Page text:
Headliners for the Dublin Tech Summit don’t exactly scream geek: digital marketing guru Gary Vaynerchuk (who enjoys an almost cult following), outspoken entrepreneur Cindy Gallop, who calls herself the Michael Bay of business because she likes to “blow shit up”, and the Smashing Pumpkins drummer Jimmy Chamberlin, who is involved in startups and digital media.
But looking beneath the headliners to the rest of the 200-strong speakers, there is a noticeable presence from some of the big tech companies – Twitter, Facebook, Google, Microsoft, Yahoo, IBM, VMWare, PayPal and Slack are all represented.
Global techO’Reilly says the Tech Summit went international, trying to get as many from the global tech industry as possible before bringing it back to Ireland and getting local expertise.
“The selection process was strategic but also it is year one: you have build trust because these people were coming on board early on before we had sold any tickets. It was us telling them our story and telling them why Dublin was the perfect city for them to come and tell theirs. They said ‘yes’ and that was where it all began.”
There are seven different session streams, or stages, including the Internet of Things, fintech and medtech, but perhaps the one that stands out most is the fashion stage. Could Dublin be the city where the merging of tech and fashion really kicks off?
“[The fashion stage] was actually the one that came last,” says O’Reilly. We started reaching out to attendees, speakers and media, asking them what they wanted to see, and fashion tech was one that came up quite a bit, so we decided to launch the fashion stage and the response has been so warm and welcoming.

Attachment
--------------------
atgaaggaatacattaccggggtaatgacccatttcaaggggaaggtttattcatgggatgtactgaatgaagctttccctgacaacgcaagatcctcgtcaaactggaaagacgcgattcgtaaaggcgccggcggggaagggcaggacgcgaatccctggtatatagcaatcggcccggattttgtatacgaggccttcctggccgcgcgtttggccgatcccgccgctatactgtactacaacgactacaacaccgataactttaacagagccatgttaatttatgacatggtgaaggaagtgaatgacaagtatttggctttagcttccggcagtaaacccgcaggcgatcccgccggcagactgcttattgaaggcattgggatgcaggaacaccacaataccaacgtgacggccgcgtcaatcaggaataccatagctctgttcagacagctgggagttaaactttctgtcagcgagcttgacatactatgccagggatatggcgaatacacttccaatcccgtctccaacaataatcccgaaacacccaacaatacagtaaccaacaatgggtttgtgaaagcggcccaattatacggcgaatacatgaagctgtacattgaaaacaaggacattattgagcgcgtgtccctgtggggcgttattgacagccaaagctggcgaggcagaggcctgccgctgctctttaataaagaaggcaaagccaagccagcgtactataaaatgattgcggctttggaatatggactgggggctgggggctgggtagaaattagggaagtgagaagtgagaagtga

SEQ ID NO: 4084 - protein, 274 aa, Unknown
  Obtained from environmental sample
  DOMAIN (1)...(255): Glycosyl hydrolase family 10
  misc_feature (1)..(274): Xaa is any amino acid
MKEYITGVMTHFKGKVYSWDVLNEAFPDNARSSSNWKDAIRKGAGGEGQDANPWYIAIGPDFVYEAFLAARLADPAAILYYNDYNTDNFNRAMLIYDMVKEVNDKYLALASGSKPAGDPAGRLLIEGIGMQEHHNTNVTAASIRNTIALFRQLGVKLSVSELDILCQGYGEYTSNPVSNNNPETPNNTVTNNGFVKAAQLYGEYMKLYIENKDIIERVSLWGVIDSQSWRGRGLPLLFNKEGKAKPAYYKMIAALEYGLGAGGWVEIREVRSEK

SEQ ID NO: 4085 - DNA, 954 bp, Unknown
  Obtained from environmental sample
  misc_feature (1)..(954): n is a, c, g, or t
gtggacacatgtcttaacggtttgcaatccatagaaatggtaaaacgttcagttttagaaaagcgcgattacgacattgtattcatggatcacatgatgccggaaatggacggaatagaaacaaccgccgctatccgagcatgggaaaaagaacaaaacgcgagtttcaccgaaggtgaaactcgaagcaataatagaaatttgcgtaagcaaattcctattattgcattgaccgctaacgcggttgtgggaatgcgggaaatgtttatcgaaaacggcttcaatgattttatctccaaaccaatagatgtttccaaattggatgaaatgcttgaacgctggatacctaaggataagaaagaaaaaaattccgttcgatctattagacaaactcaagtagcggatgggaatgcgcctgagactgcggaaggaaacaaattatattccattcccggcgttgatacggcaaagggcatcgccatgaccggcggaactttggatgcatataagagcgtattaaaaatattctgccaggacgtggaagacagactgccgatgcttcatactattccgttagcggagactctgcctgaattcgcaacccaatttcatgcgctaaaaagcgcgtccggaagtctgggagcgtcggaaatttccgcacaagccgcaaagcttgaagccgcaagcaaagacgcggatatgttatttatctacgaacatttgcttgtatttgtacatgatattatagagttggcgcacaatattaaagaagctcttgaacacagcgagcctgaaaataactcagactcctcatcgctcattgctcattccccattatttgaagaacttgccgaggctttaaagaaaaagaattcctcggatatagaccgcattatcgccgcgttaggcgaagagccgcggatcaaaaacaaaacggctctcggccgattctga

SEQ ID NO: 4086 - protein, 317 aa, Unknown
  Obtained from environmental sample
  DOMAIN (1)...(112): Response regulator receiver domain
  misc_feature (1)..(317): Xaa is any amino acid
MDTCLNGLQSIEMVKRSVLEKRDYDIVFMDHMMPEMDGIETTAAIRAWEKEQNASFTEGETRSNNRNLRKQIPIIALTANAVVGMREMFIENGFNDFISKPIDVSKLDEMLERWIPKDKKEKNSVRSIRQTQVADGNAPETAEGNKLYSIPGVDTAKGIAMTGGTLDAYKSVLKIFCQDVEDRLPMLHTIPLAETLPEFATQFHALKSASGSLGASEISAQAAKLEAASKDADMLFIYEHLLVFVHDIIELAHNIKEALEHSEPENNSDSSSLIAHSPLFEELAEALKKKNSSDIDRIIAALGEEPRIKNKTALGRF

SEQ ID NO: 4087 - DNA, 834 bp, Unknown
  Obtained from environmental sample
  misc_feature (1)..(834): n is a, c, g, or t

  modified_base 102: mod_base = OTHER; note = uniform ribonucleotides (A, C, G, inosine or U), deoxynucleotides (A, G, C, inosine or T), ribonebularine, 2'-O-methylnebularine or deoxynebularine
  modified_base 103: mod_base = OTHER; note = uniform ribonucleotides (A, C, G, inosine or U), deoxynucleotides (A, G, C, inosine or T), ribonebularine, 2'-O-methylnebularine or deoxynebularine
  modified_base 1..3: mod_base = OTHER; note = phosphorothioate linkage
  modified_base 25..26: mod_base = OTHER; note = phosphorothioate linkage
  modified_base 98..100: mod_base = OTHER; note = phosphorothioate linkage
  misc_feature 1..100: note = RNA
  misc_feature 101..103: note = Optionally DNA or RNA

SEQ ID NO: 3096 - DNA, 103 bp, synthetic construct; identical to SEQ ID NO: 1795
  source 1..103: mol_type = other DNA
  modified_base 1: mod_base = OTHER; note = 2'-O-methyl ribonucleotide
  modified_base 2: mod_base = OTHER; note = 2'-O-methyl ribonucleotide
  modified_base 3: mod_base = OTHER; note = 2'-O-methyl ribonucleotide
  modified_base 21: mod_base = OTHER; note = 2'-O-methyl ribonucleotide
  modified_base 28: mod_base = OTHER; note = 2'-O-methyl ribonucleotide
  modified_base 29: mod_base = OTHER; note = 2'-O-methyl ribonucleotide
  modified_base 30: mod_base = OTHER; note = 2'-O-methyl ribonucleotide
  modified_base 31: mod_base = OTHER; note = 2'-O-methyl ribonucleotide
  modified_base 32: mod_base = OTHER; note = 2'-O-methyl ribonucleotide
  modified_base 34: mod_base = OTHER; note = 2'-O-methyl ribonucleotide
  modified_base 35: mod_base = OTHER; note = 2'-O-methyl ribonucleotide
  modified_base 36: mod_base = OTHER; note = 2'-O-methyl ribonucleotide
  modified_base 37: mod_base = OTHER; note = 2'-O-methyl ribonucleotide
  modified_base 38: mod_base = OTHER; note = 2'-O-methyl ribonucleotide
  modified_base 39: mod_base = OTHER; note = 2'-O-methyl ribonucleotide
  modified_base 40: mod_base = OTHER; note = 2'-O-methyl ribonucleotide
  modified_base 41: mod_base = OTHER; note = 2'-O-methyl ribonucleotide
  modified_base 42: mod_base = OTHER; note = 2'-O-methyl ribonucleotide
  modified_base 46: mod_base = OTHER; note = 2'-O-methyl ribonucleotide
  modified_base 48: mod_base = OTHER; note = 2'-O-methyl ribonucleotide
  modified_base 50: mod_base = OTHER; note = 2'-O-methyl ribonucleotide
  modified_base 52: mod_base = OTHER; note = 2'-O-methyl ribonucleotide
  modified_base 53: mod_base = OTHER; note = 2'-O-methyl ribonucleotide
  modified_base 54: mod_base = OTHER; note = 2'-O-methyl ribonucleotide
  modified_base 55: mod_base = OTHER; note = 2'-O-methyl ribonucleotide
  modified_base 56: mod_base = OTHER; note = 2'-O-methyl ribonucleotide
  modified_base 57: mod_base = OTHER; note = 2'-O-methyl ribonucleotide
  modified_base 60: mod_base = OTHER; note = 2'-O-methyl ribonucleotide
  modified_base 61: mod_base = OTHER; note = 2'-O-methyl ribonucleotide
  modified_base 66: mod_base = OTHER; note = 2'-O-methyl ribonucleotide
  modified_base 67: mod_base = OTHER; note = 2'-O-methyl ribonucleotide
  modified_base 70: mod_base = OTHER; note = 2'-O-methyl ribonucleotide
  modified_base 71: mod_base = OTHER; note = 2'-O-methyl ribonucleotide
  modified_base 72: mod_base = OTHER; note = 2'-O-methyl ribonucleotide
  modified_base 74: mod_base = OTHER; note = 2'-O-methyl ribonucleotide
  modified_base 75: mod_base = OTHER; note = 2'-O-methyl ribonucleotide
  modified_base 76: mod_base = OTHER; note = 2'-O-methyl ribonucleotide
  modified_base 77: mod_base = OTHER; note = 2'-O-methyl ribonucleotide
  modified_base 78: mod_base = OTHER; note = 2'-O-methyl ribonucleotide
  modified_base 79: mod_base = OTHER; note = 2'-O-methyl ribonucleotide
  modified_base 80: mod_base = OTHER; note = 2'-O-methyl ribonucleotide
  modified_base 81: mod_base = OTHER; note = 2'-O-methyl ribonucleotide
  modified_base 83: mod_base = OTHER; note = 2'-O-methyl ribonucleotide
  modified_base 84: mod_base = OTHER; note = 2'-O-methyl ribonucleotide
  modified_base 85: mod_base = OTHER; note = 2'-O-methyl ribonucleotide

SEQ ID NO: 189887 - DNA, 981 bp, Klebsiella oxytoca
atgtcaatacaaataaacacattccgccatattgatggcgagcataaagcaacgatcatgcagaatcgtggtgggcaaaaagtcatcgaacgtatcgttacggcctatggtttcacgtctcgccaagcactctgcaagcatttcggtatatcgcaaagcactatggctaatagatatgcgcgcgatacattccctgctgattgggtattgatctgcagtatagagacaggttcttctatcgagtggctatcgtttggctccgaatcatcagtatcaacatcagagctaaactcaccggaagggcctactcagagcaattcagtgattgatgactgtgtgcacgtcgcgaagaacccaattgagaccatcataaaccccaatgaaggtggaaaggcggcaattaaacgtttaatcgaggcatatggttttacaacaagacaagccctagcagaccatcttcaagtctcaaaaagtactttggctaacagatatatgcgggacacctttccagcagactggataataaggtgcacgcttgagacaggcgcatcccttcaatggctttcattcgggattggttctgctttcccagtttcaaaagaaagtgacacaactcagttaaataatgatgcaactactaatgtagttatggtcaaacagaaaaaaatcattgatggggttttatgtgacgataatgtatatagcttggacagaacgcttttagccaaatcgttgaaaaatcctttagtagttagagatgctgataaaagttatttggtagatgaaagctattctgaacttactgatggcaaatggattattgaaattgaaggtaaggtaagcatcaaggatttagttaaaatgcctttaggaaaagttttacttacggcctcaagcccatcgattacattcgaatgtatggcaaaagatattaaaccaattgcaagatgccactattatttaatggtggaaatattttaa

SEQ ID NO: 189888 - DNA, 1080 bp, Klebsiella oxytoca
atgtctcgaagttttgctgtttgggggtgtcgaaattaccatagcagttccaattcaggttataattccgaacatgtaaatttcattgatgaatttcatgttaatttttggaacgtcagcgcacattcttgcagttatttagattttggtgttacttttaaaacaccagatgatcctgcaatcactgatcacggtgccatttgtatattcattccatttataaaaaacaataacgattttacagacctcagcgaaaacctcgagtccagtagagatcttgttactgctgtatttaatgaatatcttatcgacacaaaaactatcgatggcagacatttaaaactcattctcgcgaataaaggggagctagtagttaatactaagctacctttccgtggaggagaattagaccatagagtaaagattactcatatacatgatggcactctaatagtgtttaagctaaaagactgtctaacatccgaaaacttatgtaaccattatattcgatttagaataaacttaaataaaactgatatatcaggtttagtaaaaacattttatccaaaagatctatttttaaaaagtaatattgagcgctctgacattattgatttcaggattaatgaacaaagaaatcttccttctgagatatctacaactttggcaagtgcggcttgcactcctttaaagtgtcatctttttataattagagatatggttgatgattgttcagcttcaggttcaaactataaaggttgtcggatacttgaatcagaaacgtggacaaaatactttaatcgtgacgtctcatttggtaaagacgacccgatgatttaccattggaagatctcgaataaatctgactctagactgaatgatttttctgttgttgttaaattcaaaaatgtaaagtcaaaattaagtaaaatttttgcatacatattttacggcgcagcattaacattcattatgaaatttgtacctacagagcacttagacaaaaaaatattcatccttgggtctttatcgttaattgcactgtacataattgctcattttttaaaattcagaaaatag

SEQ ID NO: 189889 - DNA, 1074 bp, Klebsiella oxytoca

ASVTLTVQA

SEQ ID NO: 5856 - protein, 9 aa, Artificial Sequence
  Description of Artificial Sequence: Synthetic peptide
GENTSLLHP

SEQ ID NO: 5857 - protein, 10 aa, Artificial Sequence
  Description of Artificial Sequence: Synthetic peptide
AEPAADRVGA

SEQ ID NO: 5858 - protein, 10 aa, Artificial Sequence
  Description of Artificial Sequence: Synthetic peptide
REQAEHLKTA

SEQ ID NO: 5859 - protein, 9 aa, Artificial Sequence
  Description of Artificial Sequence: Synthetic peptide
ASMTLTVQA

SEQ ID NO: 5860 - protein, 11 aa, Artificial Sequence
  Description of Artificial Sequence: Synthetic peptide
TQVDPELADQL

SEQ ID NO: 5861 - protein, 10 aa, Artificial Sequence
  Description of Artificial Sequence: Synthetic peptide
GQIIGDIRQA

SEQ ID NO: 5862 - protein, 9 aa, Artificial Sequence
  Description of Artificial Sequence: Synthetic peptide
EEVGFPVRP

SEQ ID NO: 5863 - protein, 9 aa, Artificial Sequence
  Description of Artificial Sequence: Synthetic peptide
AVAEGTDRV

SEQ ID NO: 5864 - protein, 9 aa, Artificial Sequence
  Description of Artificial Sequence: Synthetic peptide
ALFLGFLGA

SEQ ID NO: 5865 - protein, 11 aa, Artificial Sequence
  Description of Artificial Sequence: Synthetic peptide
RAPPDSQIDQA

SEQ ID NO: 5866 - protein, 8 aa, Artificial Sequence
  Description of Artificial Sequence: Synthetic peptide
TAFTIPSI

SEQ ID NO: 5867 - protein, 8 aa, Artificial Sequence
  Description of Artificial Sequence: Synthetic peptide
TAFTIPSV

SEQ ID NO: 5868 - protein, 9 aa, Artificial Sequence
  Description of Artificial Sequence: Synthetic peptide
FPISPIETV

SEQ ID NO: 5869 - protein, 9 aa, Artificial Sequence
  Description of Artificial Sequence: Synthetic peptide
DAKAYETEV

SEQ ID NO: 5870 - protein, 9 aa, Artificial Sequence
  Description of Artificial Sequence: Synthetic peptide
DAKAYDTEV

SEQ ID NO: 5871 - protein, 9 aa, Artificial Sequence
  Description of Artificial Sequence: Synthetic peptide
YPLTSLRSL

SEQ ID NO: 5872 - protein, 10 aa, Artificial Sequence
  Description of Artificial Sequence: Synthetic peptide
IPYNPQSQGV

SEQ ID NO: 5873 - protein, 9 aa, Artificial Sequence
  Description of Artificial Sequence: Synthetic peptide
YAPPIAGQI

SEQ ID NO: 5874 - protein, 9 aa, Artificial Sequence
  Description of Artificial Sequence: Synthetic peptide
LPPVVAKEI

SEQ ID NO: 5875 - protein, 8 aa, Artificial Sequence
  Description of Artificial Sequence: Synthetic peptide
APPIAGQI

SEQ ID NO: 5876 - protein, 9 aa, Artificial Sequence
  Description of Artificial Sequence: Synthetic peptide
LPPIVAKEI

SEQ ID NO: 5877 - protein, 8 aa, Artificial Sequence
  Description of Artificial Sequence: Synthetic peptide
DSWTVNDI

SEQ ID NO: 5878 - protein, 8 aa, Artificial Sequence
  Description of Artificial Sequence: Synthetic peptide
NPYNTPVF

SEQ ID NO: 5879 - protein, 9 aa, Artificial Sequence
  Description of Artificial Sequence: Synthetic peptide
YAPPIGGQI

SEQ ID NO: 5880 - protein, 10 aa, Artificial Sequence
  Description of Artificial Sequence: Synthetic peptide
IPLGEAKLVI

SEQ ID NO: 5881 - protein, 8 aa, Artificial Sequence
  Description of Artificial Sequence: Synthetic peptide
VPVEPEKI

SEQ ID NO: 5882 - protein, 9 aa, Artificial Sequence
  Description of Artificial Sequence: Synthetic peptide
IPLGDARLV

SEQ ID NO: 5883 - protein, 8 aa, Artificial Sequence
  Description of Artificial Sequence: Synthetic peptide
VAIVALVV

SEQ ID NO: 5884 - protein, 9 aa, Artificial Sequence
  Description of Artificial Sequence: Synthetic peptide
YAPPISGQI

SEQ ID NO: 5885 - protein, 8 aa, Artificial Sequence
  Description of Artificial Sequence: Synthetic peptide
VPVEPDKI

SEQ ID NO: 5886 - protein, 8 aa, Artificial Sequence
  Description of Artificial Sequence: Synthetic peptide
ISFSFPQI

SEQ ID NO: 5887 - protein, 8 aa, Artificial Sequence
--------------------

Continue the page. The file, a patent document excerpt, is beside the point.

“I think brands have really struggled in the last few years to make wearables work for them and I’m not talking about fitness trackers. The closest most of us get to smart fashion is putting your phone into your handbag.” she says.
People usually think of the Apple Watch, FitBit or Jawbone, all tech confined to the wrist, but wearables are smart clothes with sensors embedded or woven in as lifestyle and fashion choices and not just for health reasons. This, big data and even cyborgism will figure amongst the talks happening on the fashion stage.
“Technology hits us all in every part of our lives now anyway, and fashion is something that makes it a little more exciting. If you’ve just come from a very serious fintech talk and need a break, the fashion stage works for a bit of downtime,” she adds.